The outside gas of the sun goes far beyond the photosphere. Since they are transparent to most visible radiation & emit small amount of light, these outer layers are difficult to see. The area of the solar atmosphere directly above the photosphere is called the chromosphere. Until this century, the chromosphere was only visible when the photosphere was obscured by the moon during a total solar eclipse.
In the 17th century, various observers described what appeared to them as a narrow red “streak” or “fringe” around the edge of the moon over a period of time. Shortly after the sun’s photosphere was covered. This red line was given the name chromosphere, derived from the Greek “colored sphere”.
Observations during eclipses show that the chromosphere is approximately 2,000-3,000 kilometers thick and its spectrum consists of bright emission lines, suggesting that this layer is made up of hot gases that emit light at discrete wavelengths. The reddish color of the chromosphere arises from one of the strongest. Emission lines in the visible part of its spectrum, the bright red line caused by hydrogen, the element that, as we have already seen, dominates the composition of the sun.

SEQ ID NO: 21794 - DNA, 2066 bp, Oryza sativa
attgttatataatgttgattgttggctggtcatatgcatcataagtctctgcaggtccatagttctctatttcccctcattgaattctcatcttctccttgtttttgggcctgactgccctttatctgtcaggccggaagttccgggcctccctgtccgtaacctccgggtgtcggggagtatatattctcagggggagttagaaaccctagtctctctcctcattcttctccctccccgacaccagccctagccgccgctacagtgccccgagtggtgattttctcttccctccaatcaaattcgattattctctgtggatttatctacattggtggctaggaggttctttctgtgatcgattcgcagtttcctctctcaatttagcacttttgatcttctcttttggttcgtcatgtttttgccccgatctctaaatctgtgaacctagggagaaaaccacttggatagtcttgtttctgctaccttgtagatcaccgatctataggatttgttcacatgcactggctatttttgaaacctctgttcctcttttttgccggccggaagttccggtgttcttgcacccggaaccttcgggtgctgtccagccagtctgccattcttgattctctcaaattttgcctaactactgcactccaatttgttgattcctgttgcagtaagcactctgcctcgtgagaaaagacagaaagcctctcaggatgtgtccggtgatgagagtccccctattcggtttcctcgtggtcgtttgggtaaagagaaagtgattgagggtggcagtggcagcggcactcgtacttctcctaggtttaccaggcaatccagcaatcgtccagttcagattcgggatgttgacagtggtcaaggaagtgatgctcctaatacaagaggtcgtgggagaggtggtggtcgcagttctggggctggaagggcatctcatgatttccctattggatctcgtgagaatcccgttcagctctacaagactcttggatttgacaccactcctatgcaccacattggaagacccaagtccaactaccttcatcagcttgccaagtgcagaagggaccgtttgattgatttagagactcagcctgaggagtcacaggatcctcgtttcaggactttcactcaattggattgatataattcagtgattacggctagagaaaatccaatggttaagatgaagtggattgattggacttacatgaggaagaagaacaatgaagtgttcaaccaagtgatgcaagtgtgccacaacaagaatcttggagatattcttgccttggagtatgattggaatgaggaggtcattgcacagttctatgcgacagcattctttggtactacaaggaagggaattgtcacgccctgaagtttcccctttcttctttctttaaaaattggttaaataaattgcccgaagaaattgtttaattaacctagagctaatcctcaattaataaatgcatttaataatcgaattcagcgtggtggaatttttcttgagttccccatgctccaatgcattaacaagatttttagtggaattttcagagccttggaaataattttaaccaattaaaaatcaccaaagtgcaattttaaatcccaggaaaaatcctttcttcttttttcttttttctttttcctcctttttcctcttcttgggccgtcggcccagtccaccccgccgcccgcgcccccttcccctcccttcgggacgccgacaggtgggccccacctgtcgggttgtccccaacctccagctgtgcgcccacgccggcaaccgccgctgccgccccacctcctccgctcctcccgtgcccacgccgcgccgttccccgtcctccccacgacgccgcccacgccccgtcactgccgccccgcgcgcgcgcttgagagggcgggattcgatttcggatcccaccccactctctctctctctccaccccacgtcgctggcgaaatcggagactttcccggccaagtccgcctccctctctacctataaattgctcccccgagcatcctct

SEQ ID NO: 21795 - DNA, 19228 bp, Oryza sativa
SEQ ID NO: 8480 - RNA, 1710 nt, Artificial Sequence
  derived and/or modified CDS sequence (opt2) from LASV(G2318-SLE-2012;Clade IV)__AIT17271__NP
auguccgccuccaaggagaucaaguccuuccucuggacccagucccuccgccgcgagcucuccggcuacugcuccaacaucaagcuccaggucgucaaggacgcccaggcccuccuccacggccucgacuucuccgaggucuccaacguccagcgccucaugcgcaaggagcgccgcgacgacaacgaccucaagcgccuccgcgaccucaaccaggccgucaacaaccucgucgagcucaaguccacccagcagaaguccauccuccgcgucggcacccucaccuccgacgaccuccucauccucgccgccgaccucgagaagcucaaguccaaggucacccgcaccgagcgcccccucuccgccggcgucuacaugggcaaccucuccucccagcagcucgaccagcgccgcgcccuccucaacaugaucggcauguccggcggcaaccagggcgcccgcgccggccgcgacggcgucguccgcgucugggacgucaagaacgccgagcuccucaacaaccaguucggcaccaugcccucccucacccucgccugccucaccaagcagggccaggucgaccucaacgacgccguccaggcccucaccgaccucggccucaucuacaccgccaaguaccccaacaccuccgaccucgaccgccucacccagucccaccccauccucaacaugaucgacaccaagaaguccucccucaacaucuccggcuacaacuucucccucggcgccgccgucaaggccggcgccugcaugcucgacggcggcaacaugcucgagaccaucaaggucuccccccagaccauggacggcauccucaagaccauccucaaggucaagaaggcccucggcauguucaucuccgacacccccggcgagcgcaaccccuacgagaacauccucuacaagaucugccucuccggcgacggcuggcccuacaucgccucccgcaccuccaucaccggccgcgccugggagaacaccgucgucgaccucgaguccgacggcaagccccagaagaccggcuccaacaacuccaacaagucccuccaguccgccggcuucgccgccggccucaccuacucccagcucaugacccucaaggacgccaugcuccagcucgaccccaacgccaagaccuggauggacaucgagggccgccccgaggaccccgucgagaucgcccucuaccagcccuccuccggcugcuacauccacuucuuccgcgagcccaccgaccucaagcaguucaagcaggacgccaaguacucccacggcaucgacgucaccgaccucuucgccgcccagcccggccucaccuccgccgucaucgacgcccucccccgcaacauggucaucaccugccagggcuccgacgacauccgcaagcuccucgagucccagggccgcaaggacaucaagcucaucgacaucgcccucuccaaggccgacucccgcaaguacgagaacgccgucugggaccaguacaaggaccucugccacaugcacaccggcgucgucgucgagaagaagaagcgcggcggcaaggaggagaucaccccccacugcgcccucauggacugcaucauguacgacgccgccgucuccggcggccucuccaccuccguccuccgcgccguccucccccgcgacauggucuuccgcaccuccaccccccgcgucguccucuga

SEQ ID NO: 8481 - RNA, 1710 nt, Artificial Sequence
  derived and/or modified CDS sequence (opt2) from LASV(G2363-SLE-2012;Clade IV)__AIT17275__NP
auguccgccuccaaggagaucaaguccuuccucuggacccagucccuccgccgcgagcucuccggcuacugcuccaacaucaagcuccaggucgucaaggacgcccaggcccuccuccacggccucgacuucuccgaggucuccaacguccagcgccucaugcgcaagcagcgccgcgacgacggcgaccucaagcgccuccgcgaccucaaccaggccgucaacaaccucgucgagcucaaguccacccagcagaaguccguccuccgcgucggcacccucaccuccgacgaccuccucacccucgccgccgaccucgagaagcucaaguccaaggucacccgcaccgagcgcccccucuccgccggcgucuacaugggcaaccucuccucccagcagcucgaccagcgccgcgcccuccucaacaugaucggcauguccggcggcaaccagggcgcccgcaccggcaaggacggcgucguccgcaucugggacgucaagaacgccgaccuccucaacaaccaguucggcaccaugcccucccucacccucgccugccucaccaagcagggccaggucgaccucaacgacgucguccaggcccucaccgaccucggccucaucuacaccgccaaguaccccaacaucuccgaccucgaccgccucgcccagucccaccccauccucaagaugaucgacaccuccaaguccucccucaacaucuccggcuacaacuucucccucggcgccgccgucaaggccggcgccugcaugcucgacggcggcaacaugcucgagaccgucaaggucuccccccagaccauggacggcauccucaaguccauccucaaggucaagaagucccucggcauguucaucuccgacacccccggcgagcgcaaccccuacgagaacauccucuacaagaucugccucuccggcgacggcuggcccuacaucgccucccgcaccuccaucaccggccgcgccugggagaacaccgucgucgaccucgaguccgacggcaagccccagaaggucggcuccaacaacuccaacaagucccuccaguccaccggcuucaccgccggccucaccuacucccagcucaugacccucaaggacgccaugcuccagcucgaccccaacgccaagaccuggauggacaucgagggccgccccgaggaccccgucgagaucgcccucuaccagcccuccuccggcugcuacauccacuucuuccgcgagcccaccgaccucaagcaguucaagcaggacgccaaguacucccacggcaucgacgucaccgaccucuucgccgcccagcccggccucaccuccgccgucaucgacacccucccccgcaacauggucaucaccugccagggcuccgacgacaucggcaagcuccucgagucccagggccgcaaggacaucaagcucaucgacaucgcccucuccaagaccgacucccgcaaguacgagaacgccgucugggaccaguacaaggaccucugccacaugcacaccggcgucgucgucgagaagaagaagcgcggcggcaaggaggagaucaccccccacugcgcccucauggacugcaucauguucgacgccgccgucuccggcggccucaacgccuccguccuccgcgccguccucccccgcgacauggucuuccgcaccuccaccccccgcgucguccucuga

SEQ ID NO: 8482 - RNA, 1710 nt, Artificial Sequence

In 1868, observations of the chromospheric spectrum showed a yellow emission line that did not correspond to any previously known element on Earth. The scientists quickly realized that they had found a new element and named it helium (after Helios, the Greek word for “sun”). It was not until 1895 that we discovered helium on our planet.. Students today probably know it best as the light gas used to inflate balloons, although it turns out to be the second most abundant element in the universe.
The chromosphere temperature is around 10,000 K. This means that the chromosphere is hotter than the photosphere, which should seem surprising. In all situations we know of, temperatures drop as one moves away from the heat source and the chromosphere is further away. from center of the sun than photosphere is.